Jeramey Jannene
Eyes on Milwaukee

City Advances $8.1 Million TIF for Michels

Stunning $100 million project along KK River could bring 800 jobs to Harbor District.

By - Sep 12th, 2018 09:45 am
Michels office building in River 1. Rendering by Rinka Chung Architecture.

Michels office building in River 1. Rendering by Rinka Chung Architecture.

The Michels Corp.‘s $100 million redevelopment of the six-acre site at the northwest corner of S. 1st St. and W. Becher St. continues to move forward. The infrastructure and utility contractor announced the project, known as River 1, in early August. The phased project is intended to include a mix of office buildings, apartments, a hotel and commercial space.

Tuesday afternoon the Redevelopment Authority of the City of Milwaukee (RACM) board unanimously advanced a plan to provide $8.1 million in financing to the project’s $49 million first phase. The financing package includes $4.4 million from Michels itself, that would be repaid through future, incremental property taxes. The city would contribute $3.28 million from general purpose borrowing and $400,000 from a RACM revolving loan fund for brownfield cleanup.

The first phase of the project includes an eight-story, 130,000-square-foot office building at the northwest corner of the site, a 500-stall, below-grade parking garage and a new Milwaukee RiverWalk segment as well as other publicly-accessible areas. The company, based in Brownsville (near Fond du Lac) will initially occupy the top three floors of the new building, designed to be highly visible from nearby Interstate 43/94, and lease out the remaining floors. Four additional buildings are planned for future phases of the project, as well as additional parking.

The financing package includes $3.4 million to construct a 1,030-linear-feet segment of the Milwaukee RiverWalk, a $400,000 cash grant for brownfield cleanup, $2.5 million for the reconstruction of W. Becher St., a $1 million grant for the creation of 250 jobs and $750,000 for city administrative and contingency costs. The riverwalk costs follow a standard city formula where the city pays 70 percent of the construction costs in exchange for an easement guaranteeing public access. Department of City Development representative Alyssa Remington told the board the $400,000 cleanup represents 13 percent of the estimated cost to remediate the site, which is the percentage of the site that will be publicly accessible.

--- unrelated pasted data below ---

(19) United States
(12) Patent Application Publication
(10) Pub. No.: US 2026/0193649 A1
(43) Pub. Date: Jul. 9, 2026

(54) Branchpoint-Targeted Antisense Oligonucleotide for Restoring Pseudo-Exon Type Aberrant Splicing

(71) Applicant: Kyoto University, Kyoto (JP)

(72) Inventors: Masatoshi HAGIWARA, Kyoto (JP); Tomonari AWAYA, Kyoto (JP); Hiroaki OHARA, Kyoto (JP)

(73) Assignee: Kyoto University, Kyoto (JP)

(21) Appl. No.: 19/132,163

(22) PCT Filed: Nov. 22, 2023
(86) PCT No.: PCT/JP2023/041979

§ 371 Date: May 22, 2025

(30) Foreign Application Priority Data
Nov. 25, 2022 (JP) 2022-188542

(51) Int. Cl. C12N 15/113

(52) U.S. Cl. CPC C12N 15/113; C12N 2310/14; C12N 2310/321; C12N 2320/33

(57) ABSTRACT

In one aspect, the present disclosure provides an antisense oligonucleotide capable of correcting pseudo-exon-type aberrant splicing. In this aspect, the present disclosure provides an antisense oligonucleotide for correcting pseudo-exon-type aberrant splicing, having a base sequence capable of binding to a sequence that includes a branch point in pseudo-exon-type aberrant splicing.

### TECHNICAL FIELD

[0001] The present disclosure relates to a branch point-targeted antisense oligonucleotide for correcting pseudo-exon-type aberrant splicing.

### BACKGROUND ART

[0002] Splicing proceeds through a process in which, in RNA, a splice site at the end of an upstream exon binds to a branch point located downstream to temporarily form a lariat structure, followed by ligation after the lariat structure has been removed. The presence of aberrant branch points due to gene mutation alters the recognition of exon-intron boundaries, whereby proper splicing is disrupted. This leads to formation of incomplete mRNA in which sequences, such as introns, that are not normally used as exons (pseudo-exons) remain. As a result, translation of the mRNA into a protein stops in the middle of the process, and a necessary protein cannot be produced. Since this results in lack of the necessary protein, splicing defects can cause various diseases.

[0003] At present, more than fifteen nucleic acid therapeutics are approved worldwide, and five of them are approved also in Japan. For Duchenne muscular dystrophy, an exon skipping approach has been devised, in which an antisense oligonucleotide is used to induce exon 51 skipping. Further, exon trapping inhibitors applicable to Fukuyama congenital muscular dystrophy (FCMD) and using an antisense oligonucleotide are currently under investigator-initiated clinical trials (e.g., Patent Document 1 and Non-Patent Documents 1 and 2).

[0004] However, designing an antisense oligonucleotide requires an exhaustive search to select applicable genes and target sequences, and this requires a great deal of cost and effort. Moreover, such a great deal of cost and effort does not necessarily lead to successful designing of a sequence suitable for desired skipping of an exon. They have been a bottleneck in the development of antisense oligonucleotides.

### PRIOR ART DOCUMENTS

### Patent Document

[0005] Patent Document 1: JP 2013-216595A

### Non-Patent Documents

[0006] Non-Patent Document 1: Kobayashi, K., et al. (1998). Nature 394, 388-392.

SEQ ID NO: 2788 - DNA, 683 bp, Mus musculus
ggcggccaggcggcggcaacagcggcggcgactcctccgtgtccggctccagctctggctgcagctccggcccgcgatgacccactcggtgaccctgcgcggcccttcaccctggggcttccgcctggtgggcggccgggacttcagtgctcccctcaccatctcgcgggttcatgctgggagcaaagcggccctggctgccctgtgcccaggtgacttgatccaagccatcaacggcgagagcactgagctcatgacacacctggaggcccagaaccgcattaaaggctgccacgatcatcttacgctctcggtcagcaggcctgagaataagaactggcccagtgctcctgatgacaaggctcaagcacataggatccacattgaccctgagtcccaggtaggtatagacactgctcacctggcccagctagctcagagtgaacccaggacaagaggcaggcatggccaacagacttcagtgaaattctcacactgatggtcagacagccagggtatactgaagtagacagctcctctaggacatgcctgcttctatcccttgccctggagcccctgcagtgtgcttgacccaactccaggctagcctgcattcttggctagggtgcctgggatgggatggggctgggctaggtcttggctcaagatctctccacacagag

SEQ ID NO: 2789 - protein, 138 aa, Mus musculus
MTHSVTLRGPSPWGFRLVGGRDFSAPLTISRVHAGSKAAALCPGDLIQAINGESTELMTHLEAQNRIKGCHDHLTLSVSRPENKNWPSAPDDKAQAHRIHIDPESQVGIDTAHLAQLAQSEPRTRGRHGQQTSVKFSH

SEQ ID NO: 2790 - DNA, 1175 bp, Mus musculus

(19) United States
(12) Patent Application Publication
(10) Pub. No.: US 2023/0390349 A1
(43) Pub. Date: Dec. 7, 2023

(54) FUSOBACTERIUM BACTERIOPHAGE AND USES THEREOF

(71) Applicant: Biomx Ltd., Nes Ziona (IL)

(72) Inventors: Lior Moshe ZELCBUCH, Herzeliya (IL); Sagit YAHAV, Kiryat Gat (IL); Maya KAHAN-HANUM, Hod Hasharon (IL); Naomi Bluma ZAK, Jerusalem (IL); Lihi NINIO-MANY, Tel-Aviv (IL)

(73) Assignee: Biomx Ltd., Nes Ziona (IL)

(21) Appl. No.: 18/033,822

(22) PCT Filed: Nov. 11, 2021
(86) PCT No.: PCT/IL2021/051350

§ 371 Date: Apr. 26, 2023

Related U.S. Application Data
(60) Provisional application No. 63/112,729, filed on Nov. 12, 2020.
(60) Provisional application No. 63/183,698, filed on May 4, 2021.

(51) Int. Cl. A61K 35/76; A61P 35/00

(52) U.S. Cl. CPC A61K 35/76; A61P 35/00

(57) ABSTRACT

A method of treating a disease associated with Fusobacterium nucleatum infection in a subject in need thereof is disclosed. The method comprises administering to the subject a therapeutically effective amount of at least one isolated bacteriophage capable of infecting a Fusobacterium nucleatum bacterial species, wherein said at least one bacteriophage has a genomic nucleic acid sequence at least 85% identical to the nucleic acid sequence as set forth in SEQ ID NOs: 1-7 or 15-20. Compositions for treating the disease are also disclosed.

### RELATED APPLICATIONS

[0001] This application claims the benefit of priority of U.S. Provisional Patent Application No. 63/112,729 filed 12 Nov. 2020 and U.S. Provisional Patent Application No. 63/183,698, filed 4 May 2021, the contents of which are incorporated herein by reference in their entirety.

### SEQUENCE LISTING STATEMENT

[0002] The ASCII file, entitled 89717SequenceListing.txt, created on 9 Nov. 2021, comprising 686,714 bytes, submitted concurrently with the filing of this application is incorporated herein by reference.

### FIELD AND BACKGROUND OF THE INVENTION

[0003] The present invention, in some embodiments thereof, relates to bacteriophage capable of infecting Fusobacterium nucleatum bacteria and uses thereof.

As is standard policy on TIF deals valued at $1 million or more, Michels and its subcontractors will be required to perform 40 percent of the work hours on the project’s construction by unemployed or underemployed city residents certified by the city’s Residents Preference Program. A 25 percent requirement is also in place for city-certified Small Business Enterprises led by minorities or women.

The whole project is made possible by a confluence of factors, most notably the growth of Michels and the desirability of Milwaukee. Michels, a privately-held company with over 6,000 employees spread across the country, is adding an infrastructure division and needs to hire a mix of project managers and engineers. “People that, quite frankly, are easier to recruit in Milwaukee than other places,” said Michels vice president and Chief Legal Officer David Stegeman.